Presentation: Understand the Trade-Offs Using Compilers for Java Applications

Track: JVM and its Ecosystem

Location: Pacific LMNO

Duration: 2:55pm - 3:45pm

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The Java ecosystem has perhaps the most rich variety of native code compilation technologies of any language on the planet. We have Just In Time (JIT) compilers aggressively profiling and speculating on the state of a running program. There are Ahead of Time (AOT) compilers that generate code before the program runs. We have JIT compilers that cache their code so it won’t need to be recompiled in every run and, soon, compilation services that can perform JIT compilations outside of the JVM process. Are these compiler technologies all equally good at running Java applications? Which should you choose? In this talk, I’ll examine some of the strengths and weaknesses of all these different approaches if you were to apply them in isolation, and discuss how production JVMs are assembling a combination of these tools that work together to provide excellent performance across the huge spectrum of applications written in Java and JVM based languages.

Speaker: Mark Stoodley

Eclipse OpenJ9 and OMR Project Lead @IBM

Mark Stoodley wrote his first compiler almost from scratch at the age of 16 after borrowing his older brother’s copy of the famous Dragon book. It wasn’t easy (and the result wasn’t really very good) but he was hooked. After more years of graduate work on optimizing compilers and computer architecture than he cares to remember, he joined IBM Canada to build Java Just In Time (JIT) compilers for production use and led the team that delivered Ahead Of Time (AOT) compilation in the IBM SDK for Java 6 in 2007. Mark spent the last five years leading the effort to open source nearly 4.3 million lines of source code from the IBM J9 Java Virtual Machine to create the two open source projects Eclipse OMR and Eclipse OpenJ9, and now co-leads both projects. In his rare spare time, he works on a library called JitBuilder at Eclipse OMR that aims to make it easier than ever before for people to develop their own JIT compilers!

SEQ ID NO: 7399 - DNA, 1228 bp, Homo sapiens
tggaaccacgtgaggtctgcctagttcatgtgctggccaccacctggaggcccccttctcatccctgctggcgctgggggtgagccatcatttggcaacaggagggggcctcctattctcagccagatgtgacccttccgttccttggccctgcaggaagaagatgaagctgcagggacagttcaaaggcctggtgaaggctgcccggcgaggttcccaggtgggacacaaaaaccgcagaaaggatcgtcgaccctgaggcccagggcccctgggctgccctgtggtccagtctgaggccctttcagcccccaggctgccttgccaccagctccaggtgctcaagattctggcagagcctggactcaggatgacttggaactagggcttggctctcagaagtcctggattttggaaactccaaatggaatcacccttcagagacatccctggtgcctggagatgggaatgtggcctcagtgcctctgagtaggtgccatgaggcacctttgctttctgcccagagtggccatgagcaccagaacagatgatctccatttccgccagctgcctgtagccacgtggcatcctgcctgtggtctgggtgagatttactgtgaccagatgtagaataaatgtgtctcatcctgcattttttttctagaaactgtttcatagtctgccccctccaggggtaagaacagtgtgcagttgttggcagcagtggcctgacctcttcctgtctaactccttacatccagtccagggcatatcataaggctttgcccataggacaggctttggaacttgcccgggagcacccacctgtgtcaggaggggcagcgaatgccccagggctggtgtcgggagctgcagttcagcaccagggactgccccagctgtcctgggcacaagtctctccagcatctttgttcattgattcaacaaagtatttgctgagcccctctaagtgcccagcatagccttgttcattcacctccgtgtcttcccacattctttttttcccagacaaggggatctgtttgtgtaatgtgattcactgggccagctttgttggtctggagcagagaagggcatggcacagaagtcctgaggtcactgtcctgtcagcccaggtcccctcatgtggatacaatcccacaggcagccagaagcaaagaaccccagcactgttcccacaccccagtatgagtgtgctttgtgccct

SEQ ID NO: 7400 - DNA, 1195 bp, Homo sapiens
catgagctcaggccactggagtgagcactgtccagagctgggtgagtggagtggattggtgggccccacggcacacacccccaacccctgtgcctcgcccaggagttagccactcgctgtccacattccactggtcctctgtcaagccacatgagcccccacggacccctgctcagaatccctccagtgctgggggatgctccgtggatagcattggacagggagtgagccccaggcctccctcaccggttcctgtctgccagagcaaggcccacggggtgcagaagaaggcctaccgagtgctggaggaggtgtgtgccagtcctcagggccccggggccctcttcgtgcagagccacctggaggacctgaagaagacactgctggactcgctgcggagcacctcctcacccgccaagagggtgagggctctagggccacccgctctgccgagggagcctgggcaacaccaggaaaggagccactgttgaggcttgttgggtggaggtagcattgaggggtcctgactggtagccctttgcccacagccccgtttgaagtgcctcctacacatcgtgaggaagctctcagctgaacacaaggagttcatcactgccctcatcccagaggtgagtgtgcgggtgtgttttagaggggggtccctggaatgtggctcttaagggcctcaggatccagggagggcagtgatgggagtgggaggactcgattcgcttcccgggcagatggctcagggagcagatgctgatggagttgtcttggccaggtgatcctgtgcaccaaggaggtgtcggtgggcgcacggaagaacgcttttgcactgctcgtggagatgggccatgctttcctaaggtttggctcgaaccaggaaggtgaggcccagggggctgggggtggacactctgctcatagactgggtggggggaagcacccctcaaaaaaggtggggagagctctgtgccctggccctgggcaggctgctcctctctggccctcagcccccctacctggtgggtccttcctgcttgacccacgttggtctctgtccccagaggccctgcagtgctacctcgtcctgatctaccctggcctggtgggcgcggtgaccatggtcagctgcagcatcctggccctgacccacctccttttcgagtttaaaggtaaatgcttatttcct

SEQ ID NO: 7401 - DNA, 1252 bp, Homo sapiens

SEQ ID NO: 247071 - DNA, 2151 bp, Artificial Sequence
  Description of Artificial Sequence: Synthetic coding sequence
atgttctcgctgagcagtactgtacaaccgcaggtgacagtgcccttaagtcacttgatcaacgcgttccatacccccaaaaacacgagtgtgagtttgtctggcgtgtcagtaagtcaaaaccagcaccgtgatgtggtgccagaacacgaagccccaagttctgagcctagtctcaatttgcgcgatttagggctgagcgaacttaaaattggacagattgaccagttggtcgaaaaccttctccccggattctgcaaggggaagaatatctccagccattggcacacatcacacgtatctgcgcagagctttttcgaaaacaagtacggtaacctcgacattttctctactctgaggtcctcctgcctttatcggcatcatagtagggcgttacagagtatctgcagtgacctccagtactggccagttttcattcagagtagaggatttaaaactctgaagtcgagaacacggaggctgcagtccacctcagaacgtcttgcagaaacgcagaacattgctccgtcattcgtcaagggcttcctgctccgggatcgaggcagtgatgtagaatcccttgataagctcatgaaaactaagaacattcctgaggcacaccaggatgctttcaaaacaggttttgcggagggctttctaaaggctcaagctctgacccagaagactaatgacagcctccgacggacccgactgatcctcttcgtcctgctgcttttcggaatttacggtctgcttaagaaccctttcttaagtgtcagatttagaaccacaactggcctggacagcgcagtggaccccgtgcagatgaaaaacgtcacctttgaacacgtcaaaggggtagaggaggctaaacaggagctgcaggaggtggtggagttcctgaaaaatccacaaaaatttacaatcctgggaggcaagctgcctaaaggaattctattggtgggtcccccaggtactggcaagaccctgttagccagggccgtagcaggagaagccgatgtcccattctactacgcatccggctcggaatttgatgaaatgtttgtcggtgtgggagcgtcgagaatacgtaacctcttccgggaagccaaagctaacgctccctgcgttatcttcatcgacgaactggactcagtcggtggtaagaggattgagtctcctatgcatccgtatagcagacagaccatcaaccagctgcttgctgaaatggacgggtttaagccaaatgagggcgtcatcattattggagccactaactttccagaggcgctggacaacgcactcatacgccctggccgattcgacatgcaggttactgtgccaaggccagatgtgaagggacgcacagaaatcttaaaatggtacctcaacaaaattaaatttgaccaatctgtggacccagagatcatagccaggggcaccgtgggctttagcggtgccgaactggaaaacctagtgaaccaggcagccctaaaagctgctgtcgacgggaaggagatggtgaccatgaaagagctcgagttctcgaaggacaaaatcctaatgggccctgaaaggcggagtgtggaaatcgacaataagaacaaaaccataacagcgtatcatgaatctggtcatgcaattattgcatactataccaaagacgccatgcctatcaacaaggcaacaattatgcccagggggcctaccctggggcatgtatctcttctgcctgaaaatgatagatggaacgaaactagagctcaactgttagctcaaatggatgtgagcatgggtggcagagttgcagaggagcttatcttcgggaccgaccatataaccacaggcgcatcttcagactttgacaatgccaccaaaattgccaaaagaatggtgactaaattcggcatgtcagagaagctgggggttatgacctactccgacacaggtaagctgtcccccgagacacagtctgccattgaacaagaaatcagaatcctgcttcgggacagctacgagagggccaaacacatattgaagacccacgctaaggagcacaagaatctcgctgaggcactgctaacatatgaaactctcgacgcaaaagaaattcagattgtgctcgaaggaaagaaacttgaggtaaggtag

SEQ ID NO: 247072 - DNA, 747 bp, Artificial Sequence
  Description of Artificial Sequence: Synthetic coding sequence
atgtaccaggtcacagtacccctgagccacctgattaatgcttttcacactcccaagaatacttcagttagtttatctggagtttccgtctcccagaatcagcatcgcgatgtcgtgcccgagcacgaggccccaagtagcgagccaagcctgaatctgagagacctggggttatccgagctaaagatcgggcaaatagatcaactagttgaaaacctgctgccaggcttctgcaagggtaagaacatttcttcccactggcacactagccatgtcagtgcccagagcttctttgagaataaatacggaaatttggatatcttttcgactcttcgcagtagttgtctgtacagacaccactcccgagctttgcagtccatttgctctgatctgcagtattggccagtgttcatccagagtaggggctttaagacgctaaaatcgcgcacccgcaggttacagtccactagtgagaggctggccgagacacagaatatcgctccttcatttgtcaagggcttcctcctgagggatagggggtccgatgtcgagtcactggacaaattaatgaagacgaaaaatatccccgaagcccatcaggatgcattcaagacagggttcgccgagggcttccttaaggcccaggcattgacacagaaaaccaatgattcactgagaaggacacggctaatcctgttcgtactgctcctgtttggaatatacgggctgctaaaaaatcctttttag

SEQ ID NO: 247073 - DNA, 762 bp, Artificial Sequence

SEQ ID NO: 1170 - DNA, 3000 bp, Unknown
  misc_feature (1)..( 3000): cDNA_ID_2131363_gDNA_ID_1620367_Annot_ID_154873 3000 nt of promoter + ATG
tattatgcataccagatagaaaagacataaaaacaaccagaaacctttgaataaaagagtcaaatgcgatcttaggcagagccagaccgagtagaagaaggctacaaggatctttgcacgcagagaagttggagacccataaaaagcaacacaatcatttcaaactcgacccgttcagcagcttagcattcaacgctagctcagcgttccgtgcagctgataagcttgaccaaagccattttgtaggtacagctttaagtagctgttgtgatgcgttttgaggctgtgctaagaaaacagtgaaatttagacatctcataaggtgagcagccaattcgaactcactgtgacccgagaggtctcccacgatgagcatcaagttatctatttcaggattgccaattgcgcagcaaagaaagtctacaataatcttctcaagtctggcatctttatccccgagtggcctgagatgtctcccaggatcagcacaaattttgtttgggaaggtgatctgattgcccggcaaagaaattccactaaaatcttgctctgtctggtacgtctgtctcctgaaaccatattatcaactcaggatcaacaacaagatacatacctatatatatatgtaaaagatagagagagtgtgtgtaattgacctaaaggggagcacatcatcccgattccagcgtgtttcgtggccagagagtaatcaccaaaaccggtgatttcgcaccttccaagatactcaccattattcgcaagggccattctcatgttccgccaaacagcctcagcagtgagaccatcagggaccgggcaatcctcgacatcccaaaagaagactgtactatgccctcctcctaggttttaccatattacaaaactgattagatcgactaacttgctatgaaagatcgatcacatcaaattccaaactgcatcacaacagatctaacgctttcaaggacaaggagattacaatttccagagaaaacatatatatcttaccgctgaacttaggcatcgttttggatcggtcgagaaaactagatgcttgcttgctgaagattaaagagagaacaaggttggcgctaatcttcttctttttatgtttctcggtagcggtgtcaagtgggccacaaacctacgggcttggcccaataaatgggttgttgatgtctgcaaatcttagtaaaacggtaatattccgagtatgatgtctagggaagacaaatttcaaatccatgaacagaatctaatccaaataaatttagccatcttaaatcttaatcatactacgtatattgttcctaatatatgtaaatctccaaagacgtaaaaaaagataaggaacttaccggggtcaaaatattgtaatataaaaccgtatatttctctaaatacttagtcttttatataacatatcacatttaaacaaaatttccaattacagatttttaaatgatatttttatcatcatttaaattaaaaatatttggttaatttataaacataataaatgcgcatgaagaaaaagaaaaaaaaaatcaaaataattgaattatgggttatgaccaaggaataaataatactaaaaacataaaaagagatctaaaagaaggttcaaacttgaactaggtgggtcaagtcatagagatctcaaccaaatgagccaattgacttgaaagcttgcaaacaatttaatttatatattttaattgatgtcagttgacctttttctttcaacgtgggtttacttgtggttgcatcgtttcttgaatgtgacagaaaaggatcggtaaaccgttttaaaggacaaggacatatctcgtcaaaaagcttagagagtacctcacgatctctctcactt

Find Mark Stoodley at

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